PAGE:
Earlier this year I said that in the LEGO universe all sets that are space-related are my absolute favorites.
Please let me extend my statement: Every space-related set AND part of the LEGO Ideas theme are my most favorite sets.
(Yes, of course, the Monster Fighters do have a special place in my heart, too, just like Fabuland. But unfortunately, those were removed from the shelves long ago.)
So I was happily surprised when Hasan Jensen from the LEGO Ideas team announced on their blog that from the 1st of November 2017 there’d be a new set available: 21312 Women Of NASA.
The set itself
This 231 pieces set is the 19th release by the Ideas theme (formerly known as Cuusoo) and comes with a 68-page instruction book. As with all LEGO Ideas sets some information on the build, here on the lives of these women, and the fan designers, as well as the LEGO designers, are included.
I’m always thankful for those pages.
I have to admit I’d only remotely heard of Sally Ride. Shame on me.
Maia Weinstock, the fan designer of Women Of NASA, obviously had a great idea with her set as she reached 10.000 votes for her project on the LEGO Ideas site within only fifteen days. Well done!
What makes this set special?
To me, there are several aspects.
Surely, this set pays tribute to four women who did pioneer work not only in their very own profession but for women in general. It is surely due to my education by my parents that I was hardly ever aware of a difference in male and female roles in work life. They told me to welcome everyone with the same respect. Yet still today it is not a common fact that women are paid equally like men and I still don’t understand why.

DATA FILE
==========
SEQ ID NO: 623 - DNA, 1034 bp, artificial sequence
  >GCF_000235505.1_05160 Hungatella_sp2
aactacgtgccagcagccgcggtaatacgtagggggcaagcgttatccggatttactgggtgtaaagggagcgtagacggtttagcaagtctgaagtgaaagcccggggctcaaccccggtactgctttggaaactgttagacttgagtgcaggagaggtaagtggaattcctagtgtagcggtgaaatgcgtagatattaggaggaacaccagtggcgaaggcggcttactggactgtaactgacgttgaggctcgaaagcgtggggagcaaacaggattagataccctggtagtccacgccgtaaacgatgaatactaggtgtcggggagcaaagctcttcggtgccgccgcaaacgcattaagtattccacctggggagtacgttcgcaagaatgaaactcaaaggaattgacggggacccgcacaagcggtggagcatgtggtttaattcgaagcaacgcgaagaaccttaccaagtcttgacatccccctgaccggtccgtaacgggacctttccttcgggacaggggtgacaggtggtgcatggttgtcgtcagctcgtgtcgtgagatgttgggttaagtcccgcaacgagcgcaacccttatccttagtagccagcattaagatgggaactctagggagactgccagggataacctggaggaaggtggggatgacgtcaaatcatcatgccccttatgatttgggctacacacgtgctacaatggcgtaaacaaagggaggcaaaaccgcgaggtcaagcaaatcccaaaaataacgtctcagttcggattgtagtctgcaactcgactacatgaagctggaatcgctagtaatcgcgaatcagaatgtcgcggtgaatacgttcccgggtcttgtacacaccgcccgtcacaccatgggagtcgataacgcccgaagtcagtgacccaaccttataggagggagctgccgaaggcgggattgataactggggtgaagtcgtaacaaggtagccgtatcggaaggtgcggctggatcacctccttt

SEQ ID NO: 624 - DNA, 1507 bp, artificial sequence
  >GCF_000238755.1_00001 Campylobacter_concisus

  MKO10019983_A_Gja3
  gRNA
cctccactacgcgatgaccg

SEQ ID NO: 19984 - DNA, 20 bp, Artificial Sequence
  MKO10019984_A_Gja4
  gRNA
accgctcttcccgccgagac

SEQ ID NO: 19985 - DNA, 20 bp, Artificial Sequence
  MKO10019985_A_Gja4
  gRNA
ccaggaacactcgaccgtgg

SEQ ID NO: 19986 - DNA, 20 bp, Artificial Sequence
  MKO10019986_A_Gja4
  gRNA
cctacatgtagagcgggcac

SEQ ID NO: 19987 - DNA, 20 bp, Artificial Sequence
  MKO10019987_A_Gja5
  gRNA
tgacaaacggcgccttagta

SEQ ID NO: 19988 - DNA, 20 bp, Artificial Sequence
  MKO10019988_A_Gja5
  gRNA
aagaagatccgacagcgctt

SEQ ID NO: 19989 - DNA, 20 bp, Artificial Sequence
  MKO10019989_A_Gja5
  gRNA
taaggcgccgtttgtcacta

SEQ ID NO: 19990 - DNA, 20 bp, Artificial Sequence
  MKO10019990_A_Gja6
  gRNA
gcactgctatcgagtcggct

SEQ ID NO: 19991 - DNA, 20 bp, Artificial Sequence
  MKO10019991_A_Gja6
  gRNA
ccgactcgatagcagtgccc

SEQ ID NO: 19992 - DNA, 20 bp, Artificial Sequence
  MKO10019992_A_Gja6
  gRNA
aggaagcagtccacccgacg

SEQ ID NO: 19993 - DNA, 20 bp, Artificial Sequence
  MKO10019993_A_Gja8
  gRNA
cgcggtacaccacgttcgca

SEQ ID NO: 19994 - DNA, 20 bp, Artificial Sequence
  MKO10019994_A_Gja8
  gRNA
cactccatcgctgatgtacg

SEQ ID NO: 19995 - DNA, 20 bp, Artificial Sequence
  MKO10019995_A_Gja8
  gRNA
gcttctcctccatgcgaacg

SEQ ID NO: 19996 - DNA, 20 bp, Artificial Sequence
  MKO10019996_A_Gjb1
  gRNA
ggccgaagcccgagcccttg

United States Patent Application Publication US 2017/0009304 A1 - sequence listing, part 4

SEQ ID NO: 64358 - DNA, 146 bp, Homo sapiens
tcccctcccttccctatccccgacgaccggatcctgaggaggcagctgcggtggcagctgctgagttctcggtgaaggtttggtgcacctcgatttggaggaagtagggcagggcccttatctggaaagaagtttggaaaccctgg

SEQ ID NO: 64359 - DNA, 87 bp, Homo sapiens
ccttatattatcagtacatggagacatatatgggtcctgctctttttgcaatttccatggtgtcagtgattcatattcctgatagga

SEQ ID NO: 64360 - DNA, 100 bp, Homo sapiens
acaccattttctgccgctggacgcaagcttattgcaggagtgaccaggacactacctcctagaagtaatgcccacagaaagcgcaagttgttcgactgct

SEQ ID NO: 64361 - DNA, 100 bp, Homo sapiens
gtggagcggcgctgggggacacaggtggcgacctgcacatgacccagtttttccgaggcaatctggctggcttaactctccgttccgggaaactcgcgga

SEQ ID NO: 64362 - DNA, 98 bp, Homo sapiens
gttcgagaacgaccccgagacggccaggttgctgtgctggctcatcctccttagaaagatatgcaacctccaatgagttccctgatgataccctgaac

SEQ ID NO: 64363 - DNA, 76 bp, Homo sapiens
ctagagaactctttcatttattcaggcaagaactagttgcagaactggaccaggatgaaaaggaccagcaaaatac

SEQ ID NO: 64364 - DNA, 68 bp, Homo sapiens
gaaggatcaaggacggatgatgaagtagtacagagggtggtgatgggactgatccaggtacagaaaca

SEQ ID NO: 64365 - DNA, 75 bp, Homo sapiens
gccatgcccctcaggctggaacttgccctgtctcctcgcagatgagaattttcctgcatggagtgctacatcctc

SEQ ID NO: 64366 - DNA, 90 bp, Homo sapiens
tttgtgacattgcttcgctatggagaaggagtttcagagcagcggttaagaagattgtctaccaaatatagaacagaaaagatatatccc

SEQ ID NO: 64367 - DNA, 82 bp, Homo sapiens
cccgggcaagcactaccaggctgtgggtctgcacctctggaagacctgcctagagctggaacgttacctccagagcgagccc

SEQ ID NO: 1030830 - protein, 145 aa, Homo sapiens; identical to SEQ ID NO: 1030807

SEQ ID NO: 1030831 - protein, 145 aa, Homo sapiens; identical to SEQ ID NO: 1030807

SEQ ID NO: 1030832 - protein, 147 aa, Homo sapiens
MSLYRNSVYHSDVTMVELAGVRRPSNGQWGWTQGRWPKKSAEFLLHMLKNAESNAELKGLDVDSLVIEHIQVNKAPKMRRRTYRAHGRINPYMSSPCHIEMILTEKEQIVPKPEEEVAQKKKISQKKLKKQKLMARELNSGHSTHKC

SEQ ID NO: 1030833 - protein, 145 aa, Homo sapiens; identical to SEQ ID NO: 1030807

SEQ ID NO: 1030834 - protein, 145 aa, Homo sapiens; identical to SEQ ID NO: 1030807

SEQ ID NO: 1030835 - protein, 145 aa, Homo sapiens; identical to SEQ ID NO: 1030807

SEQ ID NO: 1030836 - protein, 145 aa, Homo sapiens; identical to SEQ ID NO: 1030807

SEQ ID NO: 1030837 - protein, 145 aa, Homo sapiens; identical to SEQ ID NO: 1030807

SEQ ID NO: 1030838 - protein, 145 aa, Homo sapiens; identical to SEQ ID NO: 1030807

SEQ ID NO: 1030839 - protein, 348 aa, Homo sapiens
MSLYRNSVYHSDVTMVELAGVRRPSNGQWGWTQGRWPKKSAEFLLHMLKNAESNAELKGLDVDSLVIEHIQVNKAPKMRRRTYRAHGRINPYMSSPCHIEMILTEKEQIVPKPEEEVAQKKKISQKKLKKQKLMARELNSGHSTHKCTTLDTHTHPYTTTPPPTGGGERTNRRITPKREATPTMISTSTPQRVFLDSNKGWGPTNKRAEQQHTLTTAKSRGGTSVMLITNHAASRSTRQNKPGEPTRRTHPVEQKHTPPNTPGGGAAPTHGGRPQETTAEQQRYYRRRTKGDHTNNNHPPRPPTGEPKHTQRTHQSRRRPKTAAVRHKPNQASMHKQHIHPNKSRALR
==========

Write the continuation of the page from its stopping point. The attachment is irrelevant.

Back in the fifties and sixties of the last century Margaret Hamilton and Nancy Grace Roman must have been extremely brave when they entered fields of STEM (Science, Technology, Engineering, and Mathematics) where no women had been before. Just as Sally K. Ride and Mae Jemison did when they took off into space. This set for sure can help teach children of both genders that growing up they can become whatever they want to be. No matter if they’re a boy or a girl.
Probably of slightly more interest to LEGO fans will be the beautifully detailed minifigures included in this set (dear Mrs. Hamilton, your dress, and shoes will definitely be appreciated by thousands if not millions).
Every figure is placed on a little display, setting them in their supposedly working environment:
All across social media, you will find people complaining about this or that on this set (“Why only women?” Because they deserve it. “Why only three displays but four minifigs?” What do you need a second space shuttle for? Some even criticised that on the single-figure displays the minifigs were not placed above the nameplates but on the opposite sides. Seriously? Don’t like it? Then change it. There’s a reason why it’s called a “construction toy”).
I don’t go with them.
I like this set.
And maybe I’ll include parts of it in my Xmas card exchange…
There’s only one thing not explained in the instructions that still gives me sleepless nights: Why does Sally Ride’s minifig come with a camera…?
If she hadn’t died in 2012 I’d definitely sent her an email or letter asking whether she was into toy photography, too.
Guessing I’ll never find out (unless the good people over at LEGO Ideas tell me in a quiet little moment… ).